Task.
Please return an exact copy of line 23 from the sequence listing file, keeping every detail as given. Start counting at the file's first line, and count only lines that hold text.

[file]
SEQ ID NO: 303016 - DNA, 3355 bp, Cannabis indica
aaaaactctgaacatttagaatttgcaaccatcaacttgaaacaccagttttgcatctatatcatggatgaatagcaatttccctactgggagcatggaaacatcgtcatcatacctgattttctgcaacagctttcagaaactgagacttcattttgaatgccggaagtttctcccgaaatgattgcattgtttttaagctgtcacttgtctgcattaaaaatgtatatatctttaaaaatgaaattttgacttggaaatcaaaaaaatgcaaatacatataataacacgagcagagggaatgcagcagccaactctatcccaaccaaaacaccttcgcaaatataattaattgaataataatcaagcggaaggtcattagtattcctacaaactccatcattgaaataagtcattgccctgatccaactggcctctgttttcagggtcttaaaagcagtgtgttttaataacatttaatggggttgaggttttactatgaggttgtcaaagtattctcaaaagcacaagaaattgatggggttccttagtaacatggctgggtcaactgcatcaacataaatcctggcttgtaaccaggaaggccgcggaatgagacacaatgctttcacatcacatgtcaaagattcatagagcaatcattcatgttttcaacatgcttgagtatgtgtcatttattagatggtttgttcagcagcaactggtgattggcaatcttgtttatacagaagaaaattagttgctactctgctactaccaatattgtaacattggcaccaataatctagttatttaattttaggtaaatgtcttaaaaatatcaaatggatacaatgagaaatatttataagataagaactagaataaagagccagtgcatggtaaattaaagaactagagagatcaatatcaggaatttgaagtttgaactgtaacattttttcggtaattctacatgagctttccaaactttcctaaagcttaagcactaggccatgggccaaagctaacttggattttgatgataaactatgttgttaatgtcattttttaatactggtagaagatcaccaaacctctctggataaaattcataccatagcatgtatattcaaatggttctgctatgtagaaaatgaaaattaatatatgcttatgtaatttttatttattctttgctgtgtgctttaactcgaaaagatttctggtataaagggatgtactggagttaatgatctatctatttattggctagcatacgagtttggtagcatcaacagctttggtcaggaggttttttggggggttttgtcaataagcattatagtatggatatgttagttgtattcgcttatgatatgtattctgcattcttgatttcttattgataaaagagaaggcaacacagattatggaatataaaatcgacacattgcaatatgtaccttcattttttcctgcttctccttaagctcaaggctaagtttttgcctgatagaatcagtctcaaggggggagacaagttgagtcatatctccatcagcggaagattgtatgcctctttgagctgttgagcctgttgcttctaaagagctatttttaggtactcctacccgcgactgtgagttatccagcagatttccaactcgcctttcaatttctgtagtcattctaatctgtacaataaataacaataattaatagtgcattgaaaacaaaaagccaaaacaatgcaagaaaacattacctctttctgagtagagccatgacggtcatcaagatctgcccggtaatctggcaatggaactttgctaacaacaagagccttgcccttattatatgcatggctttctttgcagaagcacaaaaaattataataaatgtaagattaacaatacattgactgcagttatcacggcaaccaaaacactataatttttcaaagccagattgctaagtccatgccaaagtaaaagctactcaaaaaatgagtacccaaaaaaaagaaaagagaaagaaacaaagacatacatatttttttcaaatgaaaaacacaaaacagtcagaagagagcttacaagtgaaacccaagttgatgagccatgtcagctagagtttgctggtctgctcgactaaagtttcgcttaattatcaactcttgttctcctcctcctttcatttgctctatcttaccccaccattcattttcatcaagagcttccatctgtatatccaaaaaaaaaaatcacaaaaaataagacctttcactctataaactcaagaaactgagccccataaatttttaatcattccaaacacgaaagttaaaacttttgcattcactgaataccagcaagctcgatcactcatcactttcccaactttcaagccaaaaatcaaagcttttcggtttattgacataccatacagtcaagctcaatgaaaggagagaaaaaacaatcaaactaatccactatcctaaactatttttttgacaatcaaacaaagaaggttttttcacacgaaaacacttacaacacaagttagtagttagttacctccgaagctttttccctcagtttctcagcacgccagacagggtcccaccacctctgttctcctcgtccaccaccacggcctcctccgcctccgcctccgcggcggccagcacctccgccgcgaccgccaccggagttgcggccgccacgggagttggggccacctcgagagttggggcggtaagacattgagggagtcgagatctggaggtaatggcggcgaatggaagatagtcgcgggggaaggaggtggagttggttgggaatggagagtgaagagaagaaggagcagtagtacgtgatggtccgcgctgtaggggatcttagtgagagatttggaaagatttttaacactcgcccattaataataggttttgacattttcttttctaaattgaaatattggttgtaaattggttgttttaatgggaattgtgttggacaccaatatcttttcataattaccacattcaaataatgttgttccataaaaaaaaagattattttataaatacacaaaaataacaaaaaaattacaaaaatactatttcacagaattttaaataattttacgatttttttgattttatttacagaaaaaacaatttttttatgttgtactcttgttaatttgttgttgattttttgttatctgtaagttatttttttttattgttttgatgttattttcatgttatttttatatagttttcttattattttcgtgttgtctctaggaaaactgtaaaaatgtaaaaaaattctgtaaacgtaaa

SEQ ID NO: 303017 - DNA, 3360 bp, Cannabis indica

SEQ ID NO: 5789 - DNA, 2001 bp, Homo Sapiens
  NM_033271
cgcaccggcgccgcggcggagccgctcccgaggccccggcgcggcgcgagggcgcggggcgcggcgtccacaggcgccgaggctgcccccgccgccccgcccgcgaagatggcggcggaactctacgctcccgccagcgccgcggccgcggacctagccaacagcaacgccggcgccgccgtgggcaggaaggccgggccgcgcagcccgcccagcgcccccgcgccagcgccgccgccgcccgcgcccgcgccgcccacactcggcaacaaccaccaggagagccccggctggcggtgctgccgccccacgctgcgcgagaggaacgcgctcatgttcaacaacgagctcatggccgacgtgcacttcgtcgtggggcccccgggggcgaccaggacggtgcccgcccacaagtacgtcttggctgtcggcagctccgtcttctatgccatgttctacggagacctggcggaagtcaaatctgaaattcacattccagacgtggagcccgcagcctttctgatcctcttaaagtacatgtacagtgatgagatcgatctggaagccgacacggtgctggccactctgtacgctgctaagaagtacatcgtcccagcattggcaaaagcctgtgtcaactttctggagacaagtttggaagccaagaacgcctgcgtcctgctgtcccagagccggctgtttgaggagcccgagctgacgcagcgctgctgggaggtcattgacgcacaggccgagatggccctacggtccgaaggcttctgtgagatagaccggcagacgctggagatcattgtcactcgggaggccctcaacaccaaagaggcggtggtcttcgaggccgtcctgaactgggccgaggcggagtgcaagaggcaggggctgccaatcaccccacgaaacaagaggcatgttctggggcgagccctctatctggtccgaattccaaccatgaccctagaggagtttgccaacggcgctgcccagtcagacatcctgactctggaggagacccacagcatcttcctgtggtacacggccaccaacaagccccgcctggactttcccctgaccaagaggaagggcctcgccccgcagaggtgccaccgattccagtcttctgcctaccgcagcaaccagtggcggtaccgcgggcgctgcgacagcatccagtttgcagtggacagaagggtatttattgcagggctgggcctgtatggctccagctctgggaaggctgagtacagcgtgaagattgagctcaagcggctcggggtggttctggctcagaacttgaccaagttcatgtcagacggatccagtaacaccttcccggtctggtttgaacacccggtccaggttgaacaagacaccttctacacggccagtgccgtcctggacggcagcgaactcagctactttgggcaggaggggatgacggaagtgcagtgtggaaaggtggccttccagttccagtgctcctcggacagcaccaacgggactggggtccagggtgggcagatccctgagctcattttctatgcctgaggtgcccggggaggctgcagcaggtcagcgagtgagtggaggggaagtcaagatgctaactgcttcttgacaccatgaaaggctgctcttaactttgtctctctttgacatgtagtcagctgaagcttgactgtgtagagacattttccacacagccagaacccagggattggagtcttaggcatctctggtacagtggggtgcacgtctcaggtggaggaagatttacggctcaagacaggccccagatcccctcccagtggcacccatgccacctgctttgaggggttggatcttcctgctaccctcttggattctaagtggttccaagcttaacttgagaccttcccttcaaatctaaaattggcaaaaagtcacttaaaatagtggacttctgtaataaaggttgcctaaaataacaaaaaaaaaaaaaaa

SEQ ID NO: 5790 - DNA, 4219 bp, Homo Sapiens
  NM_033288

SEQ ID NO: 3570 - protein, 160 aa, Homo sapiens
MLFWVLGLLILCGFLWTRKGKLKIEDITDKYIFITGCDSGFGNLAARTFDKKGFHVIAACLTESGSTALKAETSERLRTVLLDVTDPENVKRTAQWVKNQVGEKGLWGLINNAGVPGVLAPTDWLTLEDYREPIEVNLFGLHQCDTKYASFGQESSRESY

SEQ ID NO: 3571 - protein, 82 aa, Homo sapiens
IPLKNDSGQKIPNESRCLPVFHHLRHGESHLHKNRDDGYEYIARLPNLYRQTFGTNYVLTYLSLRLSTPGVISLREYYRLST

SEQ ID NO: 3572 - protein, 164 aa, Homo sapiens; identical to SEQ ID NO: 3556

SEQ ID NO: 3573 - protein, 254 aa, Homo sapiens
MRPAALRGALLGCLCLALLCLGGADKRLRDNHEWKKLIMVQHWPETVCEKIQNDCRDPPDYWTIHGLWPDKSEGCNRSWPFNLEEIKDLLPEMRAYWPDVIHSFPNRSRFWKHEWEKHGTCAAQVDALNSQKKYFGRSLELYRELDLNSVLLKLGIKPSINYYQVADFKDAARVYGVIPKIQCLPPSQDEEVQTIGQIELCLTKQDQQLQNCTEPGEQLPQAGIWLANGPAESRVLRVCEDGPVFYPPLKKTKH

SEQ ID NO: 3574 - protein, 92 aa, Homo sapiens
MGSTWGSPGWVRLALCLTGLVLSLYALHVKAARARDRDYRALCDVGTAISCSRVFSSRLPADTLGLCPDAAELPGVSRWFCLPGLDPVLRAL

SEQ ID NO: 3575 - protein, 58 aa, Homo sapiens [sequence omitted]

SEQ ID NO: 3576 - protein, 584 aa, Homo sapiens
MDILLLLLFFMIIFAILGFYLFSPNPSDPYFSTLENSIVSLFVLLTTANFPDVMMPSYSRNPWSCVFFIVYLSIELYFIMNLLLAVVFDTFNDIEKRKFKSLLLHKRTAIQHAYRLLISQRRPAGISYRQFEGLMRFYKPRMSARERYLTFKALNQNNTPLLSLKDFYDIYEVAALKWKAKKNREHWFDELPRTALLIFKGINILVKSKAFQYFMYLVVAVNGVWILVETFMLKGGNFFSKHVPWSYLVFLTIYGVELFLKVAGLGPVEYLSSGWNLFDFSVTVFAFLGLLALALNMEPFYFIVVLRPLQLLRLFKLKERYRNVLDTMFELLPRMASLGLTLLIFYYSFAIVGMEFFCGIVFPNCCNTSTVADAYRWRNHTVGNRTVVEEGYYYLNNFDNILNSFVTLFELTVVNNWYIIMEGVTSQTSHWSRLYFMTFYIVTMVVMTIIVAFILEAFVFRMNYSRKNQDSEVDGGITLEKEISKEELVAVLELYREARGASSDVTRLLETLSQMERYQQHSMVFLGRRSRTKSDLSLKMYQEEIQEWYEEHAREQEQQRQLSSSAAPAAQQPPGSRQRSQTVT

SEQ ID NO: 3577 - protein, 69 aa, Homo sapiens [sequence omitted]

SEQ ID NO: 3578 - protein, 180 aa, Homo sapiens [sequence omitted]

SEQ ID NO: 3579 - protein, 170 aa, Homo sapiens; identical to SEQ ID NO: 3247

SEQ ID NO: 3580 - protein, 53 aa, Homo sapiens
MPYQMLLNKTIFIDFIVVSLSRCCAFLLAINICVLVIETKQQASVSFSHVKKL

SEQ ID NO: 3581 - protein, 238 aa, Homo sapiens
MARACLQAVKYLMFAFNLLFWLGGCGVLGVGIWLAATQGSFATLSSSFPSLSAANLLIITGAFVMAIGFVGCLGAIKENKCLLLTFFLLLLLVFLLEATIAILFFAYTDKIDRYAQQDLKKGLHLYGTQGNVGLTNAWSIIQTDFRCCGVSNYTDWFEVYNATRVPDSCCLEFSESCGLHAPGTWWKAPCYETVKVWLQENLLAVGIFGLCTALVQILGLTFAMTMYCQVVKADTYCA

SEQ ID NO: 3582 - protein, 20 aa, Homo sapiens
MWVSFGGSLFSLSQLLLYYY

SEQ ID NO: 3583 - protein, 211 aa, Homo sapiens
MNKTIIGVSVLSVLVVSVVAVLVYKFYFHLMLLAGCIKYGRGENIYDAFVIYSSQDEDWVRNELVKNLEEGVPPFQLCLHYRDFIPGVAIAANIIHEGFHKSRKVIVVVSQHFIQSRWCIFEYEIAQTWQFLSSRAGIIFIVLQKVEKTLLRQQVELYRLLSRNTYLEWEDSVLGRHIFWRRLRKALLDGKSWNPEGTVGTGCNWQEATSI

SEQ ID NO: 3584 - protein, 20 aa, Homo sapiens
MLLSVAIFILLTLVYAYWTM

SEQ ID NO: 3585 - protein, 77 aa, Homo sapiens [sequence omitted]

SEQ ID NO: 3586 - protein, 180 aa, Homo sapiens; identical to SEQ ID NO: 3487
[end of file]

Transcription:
SEQ ID NO: 3579 - protein, 170 aa, Homo sapiens; identical to SEQ ID NO: 3247